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The Politics of Difference and Authenticity in the Practice of Okinawan Dance and Music in Osaka, Japan.

By Sumi Cho


This dissertation examines the ways in which Okinawan music and dance, especially eisa and minyo, are practiced and interpreted by diasporic Okinawans and Japanese enthusiasts in Osaka, Japan. By following changes in Okinawan dance and music practice in Osaka, I explore how the apparent recognition and celebration of Okinawan difference, in comparison to the negation of ethnic and cultural diversity, can either enhance equity between groups or reinforce the existing cultural hierarchy. Also, I examine how different actors attempt to establish or recover authenticity in their practice, their identity, and/or their personhood through their practice and interpretations, thereby illustrating that authenticity is constructed through practice by the collective participation, interaction, contestation, and reflection of actors. Cultural activism and cultural appropriation are the two most prominent aspects of Okinawan music and dance practice in Osaka. Cultural activism started occurring in the mid-1970s by diasporic Okinawans as a means to contest the hegemonic ideology of ethnic, cultural and social homogeneity of Japan, assert Okinawan difference, and build communality through collective participation in music and dance. Cultural appropriation by Japanese enthusiasts, on the other hand, has occurred on a large scale since the 1990s, when Okinawan music and dance became popular nationwide in media and popular culture. While such Japanese fascination with Okinawan music and dance has had positive effects on the reception of Okinawan difference and provides many diasporic Okinawans with opportunities to boost their self-esteem and increase their means of livelihood, it also distracts mainstream Japanese from realizing the political and social marginalization of Okinawa in the past and present, undermines Okinawan cultural activism, and results in the Japanization of Okinawan music and dance. This continuing gap between Okinawans and Japanese illuminates the fact that the apparent recognition and celebration of Okinawan difference does not necessarily lead to overcoming the continuing socio-cultural asymmetry, but often disguises it. However, the case of the appropriation of Okinawan dance by Japanese gay males in LGBTQ activism illustrates that the effects of cultural practice on politics of difference are ambivalent, and not always predictable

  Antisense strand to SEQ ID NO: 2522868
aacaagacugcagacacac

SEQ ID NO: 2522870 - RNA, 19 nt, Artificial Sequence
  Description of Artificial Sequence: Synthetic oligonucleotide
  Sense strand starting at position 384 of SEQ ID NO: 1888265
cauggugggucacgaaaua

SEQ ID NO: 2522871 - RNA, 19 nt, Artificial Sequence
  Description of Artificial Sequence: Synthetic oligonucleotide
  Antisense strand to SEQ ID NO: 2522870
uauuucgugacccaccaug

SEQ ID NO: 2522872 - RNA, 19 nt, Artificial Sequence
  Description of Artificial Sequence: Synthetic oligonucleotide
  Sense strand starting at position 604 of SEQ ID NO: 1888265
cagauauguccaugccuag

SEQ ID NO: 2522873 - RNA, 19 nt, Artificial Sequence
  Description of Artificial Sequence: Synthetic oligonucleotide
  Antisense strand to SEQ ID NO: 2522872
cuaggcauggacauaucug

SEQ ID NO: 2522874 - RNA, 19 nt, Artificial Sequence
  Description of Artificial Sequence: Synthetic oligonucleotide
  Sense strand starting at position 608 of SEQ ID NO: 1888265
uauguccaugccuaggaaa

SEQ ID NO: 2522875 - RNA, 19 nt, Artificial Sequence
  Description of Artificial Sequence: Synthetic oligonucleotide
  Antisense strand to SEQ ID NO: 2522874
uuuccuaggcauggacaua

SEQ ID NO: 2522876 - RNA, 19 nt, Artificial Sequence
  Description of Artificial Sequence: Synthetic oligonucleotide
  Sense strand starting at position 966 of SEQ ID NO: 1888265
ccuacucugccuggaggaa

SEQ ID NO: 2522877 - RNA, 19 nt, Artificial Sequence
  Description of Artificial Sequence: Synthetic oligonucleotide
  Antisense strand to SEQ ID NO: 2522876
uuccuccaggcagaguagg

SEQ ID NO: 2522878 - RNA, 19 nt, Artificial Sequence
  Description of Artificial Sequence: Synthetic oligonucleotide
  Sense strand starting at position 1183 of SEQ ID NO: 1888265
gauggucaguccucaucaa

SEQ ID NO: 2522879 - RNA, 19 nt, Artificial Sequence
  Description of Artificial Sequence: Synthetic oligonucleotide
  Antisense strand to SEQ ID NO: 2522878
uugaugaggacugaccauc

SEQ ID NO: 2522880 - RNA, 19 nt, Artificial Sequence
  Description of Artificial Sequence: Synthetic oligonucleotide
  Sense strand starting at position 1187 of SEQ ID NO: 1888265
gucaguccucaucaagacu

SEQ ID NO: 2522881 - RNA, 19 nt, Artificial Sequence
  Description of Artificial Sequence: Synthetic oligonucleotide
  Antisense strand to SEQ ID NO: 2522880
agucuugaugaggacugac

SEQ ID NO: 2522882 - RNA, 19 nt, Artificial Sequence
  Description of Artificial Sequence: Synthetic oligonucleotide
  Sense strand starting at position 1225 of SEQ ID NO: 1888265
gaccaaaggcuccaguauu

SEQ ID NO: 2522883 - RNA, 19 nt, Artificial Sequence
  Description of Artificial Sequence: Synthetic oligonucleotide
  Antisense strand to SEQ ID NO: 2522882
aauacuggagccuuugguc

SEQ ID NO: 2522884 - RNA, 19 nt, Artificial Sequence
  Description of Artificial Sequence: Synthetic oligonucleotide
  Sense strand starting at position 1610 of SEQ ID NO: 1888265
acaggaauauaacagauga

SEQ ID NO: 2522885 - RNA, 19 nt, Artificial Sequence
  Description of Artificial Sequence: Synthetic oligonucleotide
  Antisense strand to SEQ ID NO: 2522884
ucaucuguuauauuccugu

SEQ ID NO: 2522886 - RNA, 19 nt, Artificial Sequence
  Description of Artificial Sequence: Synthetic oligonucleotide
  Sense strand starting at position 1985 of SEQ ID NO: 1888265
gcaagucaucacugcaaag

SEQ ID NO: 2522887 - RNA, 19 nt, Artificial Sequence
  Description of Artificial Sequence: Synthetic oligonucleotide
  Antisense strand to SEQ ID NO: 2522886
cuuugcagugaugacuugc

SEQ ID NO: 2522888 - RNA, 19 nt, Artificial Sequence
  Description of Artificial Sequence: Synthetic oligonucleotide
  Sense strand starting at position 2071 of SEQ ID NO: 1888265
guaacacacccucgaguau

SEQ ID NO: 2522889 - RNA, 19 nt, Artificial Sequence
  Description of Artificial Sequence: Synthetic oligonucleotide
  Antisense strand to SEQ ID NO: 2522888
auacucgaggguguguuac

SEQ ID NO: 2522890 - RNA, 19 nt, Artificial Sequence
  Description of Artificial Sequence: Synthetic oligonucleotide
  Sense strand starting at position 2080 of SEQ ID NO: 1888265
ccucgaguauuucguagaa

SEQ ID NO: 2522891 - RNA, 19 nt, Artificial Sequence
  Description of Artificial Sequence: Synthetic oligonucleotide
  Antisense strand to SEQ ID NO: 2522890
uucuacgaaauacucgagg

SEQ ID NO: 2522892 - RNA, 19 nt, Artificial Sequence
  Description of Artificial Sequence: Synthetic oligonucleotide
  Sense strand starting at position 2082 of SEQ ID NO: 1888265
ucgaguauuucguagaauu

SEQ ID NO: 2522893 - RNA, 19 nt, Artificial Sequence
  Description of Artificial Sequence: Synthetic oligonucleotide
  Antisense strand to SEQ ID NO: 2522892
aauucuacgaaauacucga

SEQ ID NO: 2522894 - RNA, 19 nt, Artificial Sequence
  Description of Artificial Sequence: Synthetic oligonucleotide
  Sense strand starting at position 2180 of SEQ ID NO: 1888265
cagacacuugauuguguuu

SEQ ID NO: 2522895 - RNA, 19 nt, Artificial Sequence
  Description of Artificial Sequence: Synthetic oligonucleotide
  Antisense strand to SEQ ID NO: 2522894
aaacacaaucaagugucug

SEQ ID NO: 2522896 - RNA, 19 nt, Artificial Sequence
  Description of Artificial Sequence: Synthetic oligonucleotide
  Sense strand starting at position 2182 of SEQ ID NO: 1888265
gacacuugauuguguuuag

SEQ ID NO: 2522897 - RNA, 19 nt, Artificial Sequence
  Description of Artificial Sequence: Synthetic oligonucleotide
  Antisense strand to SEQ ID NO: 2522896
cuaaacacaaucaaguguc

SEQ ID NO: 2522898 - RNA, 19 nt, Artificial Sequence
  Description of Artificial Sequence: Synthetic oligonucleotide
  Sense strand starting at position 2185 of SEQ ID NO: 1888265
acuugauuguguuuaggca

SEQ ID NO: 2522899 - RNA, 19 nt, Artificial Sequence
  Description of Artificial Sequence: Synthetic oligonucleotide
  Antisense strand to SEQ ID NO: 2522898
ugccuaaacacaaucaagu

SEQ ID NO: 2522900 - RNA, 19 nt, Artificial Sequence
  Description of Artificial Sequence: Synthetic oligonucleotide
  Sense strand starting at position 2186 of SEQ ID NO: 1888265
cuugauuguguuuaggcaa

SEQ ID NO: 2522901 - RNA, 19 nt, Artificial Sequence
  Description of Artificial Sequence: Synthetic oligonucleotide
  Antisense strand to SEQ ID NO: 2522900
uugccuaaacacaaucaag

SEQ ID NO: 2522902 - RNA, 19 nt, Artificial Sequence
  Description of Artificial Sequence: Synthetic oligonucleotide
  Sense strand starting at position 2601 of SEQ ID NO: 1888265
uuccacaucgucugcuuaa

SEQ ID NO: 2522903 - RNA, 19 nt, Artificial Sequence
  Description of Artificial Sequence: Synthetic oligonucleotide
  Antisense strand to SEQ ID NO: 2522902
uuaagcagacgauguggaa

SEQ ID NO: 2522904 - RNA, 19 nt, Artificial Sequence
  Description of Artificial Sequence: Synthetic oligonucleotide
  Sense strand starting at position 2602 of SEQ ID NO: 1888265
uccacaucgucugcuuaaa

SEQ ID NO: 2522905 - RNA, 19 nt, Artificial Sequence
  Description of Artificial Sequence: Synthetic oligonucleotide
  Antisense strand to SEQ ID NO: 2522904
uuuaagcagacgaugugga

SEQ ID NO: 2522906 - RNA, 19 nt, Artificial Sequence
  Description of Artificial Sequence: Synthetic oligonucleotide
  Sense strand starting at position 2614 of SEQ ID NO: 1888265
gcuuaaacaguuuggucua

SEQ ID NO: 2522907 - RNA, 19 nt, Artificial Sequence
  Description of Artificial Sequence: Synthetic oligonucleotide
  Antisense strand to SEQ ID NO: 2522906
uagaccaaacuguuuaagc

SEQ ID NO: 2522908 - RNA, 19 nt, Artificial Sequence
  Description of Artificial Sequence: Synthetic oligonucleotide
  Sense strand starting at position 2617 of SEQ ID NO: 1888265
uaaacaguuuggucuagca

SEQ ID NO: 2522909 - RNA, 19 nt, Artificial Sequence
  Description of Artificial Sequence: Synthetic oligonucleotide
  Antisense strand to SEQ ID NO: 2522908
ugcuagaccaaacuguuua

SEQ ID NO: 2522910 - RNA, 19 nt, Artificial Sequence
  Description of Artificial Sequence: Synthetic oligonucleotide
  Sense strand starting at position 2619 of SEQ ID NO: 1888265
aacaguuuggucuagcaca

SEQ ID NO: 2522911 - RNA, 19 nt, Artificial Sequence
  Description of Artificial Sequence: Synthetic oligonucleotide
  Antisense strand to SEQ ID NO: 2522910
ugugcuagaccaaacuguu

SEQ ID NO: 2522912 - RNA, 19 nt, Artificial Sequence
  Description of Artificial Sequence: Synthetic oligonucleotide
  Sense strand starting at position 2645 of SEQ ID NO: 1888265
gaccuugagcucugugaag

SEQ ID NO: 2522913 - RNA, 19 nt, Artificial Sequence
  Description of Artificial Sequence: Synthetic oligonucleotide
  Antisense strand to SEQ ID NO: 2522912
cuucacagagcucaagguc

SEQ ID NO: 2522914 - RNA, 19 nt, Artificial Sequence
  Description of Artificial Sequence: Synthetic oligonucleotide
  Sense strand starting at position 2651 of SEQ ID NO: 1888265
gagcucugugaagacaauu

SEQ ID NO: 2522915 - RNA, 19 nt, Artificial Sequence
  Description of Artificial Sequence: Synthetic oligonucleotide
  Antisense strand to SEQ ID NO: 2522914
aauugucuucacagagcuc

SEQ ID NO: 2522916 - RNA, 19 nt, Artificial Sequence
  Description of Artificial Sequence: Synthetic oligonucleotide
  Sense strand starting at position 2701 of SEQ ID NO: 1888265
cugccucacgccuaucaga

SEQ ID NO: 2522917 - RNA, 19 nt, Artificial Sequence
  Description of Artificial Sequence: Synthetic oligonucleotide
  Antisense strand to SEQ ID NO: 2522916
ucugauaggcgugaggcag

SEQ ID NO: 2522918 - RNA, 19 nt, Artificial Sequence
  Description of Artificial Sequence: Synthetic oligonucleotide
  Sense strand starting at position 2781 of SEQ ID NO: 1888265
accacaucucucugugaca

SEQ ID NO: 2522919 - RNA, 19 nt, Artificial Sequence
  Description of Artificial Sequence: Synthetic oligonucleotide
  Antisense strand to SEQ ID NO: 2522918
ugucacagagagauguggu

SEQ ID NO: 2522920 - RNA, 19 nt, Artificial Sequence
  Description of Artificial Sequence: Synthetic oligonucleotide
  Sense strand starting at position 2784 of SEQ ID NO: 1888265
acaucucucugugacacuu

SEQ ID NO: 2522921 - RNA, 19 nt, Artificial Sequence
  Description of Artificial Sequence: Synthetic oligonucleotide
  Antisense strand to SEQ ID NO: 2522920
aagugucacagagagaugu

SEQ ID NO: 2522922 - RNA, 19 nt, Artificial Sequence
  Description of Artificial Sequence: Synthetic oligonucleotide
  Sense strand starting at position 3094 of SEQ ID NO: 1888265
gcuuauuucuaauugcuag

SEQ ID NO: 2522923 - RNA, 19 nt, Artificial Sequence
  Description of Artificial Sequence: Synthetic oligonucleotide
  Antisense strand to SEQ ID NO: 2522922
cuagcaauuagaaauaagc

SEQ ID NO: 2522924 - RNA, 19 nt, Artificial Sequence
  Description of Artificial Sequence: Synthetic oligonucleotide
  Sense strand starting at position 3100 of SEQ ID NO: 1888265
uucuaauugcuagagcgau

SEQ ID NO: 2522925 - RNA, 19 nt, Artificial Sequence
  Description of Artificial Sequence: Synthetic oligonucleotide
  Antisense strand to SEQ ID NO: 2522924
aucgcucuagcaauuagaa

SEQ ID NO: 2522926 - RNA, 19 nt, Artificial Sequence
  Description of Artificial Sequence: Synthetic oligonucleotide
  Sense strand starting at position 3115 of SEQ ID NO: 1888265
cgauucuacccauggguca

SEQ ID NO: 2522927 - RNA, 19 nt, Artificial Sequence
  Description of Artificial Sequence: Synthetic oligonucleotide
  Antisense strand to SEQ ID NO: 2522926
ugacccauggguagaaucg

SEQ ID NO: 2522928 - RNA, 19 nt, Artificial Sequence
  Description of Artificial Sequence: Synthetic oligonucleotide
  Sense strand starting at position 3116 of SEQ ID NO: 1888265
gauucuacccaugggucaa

Topics: Okinawan Music and Dance, Politics of Difference, Cultural Activism, Cultural Appropriation, Authenticity, Diaspora
Year: 2014
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